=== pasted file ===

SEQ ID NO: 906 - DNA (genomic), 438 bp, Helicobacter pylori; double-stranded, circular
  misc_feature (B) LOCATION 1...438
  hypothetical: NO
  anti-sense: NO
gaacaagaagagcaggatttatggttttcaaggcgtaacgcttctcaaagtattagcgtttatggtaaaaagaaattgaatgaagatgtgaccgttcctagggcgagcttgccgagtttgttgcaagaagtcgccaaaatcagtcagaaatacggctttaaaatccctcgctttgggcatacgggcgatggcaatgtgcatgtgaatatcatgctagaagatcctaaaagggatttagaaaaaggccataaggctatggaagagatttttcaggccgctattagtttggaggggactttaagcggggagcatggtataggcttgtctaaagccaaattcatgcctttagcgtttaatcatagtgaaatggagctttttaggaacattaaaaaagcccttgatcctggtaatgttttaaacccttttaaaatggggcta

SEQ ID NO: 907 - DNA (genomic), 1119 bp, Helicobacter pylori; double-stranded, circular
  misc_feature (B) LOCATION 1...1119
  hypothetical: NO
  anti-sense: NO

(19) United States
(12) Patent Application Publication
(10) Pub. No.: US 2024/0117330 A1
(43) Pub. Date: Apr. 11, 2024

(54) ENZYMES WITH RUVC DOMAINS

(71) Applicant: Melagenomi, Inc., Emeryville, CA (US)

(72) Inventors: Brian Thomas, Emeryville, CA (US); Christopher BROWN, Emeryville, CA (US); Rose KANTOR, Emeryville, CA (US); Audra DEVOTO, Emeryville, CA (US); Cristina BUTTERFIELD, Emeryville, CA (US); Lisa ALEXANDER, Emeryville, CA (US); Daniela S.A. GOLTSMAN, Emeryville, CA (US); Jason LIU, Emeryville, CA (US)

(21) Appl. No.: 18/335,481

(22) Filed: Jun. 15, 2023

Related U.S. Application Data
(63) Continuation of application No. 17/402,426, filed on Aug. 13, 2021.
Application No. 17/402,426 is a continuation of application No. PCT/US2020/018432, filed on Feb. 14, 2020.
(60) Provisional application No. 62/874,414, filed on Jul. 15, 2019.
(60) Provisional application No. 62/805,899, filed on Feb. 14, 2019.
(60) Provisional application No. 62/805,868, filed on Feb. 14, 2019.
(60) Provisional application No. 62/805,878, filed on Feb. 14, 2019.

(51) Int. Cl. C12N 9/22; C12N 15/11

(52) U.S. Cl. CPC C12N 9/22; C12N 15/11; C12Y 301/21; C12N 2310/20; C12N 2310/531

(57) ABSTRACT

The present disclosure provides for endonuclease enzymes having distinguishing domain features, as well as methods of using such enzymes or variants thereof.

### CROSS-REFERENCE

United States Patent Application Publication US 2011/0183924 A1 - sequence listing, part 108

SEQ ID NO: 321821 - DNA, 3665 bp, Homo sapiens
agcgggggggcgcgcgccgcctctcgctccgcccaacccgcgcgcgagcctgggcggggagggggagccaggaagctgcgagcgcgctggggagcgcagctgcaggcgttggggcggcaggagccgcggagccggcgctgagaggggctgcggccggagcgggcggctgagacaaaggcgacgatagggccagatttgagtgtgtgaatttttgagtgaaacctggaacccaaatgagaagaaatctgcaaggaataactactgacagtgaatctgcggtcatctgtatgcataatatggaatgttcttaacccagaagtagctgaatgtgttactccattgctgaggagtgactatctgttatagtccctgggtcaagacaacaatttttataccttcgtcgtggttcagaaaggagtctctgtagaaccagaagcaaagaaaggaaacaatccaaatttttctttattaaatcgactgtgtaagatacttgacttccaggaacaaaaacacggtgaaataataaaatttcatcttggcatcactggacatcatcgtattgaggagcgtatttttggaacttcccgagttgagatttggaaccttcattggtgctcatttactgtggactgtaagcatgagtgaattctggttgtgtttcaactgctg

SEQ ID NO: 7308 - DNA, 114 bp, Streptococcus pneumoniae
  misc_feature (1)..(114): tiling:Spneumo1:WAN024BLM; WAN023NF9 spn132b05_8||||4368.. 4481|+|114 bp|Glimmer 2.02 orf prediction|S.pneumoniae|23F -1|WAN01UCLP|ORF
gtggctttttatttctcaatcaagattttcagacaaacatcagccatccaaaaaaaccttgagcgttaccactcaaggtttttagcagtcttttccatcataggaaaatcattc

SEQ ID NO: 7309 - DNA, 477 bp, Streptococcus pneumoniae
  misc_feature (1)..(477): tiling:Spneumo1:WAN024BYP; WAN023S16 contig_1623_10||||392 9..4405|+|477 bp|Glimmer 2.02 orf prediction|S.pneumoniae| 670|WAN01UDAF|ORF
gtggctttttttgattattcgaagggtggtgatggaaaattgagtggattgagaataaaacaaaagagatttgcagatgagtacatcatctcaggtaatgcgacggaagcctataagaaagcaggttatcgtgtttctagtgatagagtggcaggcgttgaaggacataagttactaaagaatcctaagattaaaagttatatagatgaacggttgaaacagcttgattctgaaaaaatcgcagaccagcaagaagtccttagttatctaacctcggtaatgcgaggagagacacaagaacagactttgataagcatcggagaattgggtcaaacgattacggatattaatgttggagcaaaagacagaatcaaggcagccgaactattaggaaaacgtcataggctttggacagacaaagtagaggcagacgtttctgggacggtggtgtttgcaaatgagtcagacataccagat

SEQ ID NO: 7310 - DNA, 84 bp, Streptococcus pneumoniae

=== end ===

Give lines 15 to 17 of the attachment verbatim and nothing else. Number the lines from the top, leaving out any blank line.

(71) Applicant: Melagenomi, Inc., Emeryville, CA (US)

(72) Inventors: Brian Thomas, Emeryville, CA (US); Christopher BROWN, Emeryville, CA (US); Rose KANTOR, Emeryville, CA (US); Audra DEVOTO, Emeryville, CA (US); Cristina BUTTERFIELD, Emeryville, CA (US); Lisa ALEXANDER, Emeryville, CA (US); Daniela S.A. GOLTSMAN, Emeryville, CA (US); Jason LIU, Emeryville, CA (US)

(21) Appl. No.: 18/335,481